Many AI/ML use cases may not fall under the heightened scrutiny attendant to medical devices and in vitro diagnostics considered “high risk” under the AI Act. Yet these use cases still may be impacted by the AI Act’s rules governing general purpose AI models and systems. From a developer’s perspective, these largely involve heightened transparency obligations, risk assessment and mitigation.

Governance Considerations

As AI/ML tools have increasingly made their way into the life sciences and digital health spaces, deployers of these tools and companies using them must keep in mind the importance of responsible AI/ML practices. AI/ML users should adopt internal governance systems to ensure they:

  • Obtain rights for data used to train models and adhere to any confidentiality obligations with respect to data sets used for training.
  • Rely on diverse and reliable data sets as bases for training models (particularly when there is higher potential for risk, such as in clinical trials compared to earlier stage drug discovery or non-clinical applications).
  • Use AI/ML tools to augment and automate processes without marginalizing the need for human oversight.  

At a smaller scale, deployers of AI/ML tools frequently must contend with traditional pharmaceutical or biotechnology companies concerned about their data training models that competitors may use.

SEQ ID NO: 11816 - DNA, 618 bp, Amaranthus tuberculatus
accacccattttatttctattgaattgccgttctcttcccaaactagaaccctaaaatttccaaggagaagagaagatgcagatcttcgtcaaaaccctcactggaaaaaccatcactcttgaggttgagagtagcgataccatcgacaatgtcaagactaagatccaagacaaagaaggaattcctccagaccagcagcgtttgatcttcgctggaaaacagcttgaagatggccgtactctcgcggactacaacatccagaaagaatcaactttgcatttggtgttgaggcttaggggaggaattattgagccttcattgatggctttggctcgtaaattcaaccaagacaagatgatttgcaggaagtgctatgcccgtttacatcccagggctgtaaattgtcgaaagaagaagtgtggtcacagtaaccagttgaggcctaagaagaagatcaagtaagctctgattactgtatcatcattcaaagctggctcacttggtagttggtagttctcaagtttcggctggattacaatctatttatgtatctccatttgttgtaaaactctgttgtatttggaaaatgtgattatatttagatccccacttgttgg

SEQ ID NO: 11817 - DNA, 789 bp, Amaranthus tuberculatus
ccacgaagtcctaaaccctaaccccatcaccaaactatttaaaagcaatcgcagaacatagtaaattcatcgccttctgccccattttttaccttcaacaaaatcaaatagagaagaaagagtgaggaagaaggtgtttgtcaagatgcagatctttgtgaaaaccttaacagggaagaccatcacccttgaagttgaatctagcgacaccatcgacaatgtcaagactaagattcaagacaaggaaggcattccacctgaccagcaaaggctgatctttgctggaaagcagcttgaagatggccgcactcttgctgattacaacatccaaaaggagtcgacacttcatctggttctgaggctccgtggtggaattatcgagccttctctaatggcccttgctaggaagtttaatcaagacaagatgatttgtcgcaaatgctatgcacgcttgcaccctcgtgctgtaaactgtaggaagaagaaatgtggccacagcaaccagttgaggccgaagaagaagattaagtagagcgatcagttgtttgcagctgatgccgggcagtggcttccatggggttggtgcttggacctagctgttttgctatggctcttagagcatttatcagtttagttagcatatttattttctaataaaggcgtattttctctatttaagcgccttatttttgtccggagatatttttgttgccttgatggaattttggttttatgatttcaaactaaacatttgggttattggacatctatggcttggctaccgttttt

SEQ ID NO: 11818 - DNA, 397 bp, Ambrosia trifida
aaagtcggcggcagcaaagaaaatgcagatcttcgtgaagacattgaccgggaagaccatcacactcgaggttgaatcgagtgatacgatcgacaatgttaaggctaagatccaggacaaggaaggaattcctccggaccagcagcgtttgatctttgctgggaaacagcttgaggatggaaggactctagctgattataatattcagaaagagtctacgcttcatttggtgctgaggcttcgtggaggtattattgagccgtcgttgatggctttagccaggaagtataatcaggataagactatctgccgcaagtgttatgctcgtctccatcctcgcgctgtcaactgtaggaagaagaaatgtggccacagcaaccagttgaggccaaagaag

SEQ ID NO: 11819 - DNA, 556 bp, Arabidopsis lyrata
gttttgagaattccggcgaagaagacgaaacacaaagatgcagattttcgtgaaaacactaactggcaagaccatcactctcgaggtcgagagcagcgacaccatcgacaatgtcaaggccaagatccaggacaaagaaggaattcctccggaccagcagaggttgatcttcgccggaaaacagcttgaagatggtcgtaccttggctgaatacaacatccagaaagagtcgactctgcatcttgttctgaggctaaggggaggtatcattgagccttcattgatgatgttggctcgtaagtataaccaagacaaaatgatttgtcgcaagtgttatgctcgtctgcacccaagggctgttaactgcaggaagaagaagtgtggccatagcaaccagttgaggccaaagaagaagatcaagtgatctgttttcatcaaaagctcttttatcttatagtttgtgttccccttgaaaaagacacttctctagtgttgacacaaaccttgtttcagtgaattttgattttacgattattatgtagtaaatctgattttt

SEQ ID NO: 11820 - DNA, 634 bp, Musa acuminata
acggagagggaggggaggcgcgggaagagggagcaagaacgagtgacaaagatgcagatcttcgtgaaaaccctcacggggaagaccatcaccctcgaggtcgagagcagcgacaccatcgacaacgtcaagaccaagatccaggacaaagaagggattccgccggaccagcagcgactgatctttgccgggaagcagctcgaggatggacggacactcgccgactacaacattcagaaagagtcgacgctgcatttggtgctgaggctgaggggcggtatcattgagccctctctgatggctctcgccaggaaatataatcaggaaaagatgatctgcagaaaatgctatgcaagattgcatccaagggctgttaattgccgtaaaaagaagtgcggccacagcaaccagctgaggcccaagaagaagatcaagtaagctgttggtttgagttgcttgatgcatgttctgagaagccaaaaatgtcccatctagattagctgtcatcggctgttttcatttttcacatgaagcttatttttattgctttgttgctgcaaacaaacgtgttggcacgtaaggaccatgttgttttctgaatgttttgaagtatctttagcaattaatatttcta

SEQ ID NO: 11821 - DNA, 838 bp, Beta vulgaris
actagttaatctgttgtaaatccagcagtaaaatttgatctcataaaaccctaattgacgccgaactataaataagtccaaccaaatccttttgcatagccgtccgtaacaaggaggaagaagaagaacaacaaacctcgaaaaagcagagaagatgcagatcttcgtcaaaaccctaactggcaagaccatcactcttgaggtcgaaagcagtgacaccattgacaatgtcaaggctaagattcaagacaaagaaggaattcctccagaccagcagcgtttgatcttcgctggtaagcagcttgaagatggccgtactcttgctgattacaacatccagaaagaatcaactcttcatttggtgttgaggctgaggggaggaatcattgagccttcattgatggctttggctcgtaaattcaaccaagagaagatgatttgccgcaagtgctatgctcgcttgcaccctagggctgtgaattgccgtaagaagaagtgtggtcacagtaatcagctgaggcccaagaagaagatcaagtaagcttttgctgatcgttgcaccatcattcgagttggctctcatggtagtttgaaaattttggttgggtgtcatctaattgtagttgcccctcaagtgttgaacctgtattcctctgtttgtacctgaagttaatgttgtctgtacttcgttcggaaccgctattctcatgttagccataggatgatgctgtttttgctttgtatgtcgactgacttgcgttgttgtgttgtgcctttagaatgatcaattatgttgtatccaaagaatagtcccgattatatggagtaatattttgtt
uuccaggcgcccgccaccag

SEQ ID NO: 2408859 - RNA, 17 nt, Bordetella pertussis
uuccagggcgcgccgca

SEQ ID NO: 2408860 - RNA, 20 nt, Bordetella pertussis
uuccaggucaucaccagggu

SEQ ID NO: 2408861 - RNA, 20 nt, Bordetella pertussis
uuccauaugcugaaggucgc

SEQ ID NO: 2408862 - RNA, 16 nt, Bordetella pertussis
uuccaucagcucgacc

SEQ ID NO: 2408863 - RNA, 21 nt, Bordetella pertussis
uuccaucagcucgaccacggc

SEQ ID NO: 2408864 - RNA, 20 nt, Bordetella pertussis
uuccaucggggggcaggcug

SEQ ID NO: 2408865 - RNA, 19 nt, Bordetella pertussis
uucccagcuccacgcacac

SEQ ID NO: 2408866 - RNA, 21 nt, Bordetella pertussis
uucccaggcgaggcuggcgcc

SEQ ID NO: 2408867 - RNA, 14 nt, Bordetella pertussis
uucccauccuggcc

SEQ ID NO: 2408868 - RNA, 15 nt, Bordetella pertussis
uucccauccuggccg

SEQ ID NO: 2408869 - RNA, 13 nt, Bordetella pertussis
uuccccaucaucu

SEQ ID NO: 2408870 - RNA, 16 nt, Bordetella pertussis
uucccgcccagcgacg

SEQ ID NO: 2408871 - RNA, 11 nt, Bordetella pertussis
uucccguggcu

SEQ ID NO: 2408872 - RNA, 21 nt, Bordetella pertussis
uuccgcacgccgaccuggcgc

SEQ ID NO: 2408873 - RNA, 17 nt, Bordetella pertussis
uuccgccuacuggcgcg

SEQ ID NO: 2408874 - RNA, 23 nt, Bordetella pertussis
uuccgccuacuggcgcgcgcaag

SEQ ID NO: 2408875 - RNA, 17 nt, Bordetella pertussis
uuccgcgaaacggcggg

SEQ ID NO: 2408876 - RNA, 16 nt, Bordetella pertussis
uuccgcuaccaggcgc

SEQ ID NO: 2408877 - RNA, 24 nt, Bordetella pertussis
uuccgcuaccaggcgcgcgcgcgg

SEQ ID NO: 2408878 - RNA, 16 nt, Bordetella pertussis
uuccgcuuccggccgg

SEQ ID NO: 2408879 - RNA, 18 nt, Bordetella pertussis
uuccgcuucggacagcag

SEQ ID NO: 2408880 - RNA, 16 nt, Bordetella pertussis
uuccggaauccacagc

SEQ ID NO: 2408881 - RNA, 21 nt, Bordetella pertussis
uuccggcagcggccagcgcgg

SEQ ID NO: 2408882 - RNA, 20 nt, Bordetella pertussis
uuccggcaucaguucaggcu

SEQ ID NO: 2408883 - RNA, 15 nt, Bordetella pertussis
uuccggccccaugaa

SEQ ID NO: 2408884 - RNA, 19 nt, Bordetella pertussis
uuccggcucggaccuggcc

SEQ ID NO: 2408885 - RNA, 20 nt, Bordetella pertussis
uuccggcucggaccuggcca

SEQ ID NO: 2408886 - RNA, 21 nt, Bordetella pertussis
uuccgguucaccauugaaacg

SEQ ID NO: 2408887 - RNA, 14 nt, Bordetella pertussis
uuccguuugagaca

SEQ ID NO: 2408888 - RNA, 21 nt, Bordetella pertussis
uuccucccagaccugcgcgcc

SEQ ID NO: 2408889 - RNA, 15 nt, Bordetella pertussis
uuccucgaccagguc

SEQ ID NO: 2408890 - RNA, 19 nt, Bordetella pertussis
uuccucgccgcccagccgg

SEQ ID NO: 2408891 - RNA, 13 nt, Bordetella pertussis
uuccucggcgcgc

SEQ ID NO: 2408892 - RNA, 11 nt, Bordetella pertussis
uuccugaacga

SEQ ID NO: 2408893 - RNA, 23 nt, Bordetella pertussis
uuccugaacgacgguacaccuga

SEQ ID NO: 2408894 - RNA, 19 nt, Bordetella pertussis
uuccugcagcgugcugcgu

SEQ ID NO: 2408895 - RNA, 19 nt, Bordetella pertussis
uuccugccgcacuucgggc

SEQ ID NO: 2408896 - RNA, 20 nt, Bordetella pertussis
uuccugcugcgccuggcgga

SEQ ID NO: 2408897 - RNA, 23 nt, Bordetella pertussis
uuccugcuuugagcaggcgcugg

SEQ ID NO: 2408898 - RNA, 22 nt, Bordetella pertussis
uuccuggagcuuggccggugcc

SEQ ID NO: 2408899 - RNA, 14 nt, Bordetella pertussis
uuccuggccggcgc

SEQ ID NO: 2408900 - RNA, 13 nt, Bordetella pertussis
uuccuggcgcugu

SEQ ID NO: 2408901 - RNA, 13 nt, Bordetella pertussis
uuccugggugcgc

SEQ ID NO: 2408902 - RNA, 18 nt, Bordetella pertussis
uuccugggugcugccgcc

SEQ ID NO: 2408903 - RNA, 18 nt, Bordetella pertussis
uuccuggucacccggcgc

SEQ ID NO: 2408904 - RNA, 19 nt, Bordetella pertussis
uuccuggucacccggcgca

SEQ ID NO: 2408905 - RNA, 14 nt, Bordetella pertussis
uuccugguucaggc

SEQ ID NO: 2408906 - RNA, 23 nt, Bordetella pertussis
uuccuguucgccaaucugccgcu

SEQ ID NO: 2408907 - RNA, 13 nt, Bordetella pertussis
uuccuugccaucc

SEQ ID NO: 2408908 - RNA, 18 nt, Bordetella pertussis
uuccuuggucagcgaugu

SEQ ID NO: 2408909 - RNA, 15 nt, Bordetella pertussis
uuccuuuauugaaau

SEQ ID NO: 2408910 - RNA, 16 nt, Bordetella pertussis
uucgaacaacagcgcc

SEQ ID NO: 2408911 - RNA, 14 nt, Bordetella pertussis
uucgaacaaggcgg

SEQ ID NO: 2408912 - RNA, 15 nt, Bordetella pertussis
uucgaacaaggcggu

How can AI/ML tool deployers continue providing services in the life sciences and digital health space despite such concerns? They may consider sandboxing and firewalling data sets for engagements or running data sets through pre-trained models where the specific inputs are not used to train the overall model. The AI Act does not necessarily speak to these commercial or competitive considerations, adding another element for AI/ML deployers to navigate amidst a burgeoning regulatory environment. 

The AI Act does, however, provide for “regulatory sandboxes” where companies may test novel technologies under the supervision of a regulator for agreed-upon periods of time. The aim is to create controlled environments where companies can test and on-ramp technologies while regulators gain insight into how these technologies function prior to more widespread adoption by consumers. 

What’s Next?

While the AI Act and input from the EMA have helped clarify some of the high-risk, high-regulation scenarios and use cases involving AI/ML in the life sciences and digital health spaces, many open questions remain, from legal, regulatory, and commercial perspectives.  

Developers of AI/ML technologies should examine the extent to which their technologies fall under the AI Act. They may also consider using regulatory sandboxes to ensure their product and service deployment aligns with regulators’ evolving expectations.

Finally, given the increasing importance of AI, stakeholders should monitor legislative developments across jurisdictions as sector-specific laws begin to emerge.

If you have questions about the EU AI Act, reach out to the authors (Julia Apostle, Daniel Kadin, David Sharrow) or other members of Orrick’s AI team.